Non-fungible tokens (NFTs) are the newest way people use the creator economy. NFT works as a digital certificate showing that you owe a particular digital asset. Then, you can mint and publish it on the blockchain, which allows you to hold the ownership of the asset even if it is left in the public domain for all to see.
Steve Aoki, the dance music producer, created NFT for a digital art piece called ‘Hairy’. John Legere, a businessman, purchased its NFT for $888,888.88. As a result, he owns the art piece and is free to sell, distribute, or license it as he wishes.
Many content creators find ways to work together. Such collaboration allows the followers of each creator to check out the other creator automatically. Chances are many will then begin to follow both creators, making it a win-win for all.
The Hype House created by TikTok is one example that involves a group of creators coming together under the same roof and working together. As a result, their collaborative skills and follower base helped further expand their brand name and income.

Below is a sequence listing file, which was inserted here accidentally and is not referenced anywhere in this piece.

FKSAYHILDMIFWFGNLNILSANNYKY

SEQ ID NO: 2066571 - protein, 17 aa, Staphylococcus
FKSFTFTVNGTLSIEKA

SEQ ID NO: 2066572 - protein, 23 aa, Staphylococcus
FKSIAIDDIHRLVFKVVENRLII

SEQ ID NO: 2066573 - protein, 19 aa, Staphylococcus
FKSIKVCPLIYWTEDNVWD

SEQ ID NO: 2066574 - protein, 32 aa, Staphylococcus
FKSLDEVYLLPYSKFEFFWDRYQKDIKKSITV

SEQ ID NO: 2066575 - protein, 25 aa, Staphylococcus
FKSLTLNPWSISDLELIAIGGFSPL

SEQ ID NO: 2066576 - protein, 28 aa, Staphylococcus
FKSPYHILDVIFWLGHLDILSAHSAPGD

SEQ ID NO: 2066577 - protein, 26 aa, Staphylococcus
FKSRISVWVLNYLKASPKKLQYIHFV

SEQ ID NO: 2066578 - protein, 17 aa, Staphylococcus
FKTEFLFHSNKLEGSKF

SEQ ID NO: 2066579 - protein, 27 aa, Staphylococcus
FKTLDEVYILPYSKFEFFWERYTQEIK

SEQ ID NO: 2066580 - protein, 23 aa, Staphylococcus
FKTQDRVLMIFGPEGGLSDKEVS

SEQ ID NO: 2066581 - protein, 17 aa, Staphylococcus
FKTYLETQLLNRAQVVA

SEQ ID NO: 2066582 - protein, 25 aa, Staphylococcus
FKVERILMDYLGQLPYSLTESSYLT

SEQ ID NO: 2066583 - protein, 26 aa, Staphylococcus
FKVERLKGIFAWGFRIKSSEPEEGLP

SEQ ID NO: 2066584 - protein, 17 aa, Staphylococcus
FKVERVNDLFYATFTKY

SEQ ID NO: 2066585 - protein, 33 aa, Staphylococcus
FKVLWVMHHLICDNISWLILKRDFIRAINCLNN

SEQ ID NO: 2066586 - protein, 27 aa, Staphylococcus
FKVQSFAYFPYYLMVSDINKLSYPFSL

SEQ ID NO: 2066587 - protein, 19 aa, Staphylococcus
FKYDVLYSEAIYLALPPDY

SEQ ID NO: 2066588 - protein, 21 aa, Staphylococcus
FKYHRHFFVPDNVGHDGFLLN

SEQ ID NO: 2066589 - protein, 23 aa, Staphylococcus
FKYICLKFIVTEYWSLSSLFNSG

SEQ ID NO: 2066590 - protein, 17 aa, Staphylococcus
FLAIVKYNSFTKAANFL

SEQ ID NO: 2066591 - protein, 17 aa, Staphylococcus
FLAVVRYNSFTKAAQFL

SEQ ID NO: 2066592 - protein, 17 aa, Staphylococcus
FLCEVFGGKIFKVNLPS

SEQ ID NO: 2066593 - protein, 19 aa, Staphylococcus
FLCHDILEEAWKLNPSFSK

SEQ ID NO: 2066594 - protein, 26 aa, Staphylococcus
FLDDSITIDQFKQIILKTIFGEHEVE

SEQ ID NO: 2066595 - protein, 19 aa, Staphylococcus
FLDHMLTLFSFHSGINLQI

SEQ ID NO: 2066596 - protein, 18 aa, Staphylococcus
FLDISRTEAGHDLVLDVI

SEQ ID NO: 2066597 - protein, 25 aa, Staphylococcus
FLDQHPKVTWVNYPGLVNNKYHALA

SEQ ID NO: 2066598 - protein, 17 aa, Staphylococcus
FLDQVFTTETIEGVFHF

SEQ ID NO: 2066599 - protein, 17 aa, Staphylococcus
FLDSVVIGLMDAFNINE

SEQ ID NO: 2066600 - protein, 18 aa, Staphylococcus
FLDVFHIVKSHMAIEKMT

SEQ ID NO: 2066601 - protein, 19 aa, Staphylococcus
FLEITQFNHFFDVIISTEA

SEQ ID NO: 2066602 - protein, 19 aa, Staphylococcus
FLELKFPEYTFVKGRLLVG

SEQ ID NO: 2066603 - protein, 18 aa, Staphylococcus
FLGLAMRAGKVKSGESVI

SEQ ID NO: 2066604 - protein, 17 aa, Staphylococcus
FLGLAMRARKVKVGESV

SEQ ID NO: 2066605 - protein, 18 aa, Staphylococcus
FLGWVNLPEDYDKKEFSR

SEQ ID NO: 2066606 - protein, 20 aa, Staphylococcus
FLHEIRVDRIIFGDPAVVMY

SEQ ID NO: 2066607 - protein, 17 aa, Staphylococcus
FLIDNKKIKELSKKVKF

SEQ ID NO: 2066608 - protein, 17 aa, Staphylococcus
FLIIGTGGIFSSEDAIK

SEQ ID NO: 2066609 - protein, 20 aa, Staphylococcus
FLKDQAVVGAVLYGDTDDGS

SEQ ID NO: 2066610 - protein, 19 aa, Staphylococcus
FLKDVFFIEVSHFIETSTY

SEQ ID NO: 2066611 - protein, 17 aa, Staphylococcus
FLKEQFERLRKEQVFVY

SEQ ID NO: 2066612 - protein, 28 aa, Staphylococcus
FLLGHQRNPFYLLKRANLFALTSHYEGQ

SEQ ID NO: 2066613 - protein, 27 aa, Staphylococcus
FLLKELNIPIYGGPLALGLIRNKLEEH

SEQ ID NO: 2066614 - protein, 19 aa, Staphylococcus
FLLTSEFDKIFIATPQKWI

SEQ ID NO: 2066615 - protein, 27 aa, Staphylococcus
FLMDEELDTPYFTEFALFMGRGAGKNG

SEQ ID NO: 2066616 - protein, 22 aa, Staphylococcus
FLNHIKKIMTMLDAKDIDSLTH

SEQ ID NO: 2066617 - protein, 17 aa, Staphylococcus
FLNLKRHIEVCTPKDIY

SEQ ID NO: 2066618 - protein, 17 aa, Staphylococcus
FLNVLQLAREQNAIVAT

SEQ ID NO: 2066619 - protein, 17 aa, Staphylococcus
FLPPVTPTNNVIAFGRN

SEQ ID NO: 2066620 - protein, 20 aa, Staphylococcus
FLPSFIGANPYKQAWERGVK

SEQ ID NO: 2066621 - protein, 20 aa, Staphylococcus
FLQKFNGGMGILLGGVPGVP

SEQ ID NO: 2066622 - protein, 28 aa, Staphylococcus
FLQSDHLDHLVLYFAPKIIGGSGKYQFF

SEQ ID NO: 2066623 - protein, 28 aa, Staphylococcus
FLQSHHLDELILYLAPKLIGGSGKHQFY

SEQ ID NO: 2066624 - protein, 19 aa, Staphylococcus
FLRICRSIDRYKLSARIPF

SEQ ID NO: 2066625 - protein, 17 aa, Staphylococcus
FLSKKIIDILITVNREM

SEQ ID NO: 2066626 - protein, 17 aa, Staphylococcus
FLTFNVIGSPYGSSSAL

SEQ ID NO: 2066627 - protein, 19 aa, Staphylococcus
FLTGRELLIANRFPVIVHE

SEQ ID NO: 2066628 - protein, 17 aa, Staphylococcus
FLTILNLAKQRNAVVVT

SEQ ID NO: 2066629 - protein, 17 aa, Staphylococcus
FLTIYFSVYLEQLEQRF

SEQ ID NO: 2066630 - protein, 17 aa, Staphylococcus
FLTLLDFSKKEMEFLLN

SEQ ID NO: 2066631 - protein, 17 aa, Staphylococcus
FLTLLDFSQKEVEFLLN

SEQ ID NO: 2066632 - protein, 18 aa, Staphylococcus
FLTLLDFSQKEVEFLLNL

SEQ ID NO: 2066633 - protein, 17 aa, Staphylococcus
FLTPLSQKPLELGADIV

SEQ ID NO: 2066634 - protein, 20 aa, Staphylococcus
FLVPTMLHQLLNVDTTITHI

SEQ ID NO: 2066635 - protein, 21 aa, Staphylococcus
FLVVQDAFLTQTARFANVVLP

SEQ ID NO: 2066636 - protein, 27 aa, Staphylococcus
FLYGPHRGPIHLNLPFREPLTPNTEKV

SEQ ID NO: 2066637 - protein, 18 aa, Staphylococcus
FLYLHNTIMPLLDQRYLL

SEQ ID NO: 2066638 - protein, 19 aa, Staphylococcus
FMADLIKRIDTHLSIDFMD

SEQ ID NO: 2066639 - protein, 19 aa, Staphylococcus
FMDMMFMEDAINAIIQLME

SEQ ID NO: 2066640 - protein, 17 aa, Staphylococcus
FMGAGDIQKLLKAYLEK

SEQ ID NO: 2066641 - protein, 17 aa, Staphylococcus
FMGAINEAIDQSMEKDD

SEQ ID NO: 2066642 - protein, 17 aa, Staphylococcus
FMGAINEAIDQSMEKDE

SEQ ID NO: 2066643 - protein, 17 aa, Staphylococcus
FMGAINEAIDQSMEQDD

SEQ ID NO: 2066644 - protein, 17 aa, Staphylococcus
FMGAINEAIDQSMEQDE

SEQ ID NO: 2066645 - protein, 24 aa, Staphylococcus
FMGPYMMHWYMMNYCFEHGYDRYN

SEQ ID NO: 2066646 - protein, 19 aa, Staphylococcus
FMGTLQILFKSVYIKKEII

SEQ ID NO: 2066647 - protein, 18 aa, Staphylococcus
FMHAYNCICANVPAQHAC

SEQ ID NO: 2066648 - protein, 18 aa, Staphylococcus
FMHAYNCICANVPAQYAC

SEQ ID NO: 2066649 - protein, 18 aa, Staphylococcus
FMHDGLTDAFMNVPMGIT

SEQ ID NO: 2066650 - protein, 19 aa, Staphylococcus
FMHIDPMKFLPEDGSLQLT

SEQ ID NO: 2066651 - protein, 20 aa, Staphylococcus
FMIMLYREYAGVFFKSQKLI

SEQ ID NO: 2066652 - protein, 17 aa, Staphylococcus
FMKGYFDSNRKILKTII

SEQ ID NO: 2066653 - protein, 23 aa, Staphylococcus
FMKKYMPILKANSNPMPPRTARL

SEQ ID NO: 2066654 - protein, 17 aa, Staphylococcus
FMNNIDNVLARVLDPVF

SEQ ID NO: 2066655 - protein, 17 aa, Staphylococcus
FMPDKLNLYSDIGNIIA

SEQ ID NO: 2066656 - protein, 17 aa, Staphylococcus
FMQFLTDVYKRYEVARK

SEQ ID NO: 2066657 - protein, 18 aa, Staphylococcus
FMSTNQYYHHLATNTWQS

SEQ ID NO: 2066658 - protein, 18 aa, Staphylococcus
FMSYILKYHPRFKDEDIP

● Creating Passive Income
In a traditional setting, when you work for a company, your creative input pays you till you work for them. As soon as you leave the company, your employer owns all your creativity, benefitting from it, and you get nothing.
But you can use the creator economy to generate passive income when you are a content creator. For example, check out YouTube; you can find videos uploaded years ago still active. If you view them now, the creator will get paid their share for the ads you view in those videos. Therefore, the more videos the creator uploads, their passive income gradually increases.
Tips To Earn Money as a Content Creator
Finally, we are here to answer that burning question – how to make money from content creation. First, look at some content monetization methods found on various creator economy platforms to understand them better.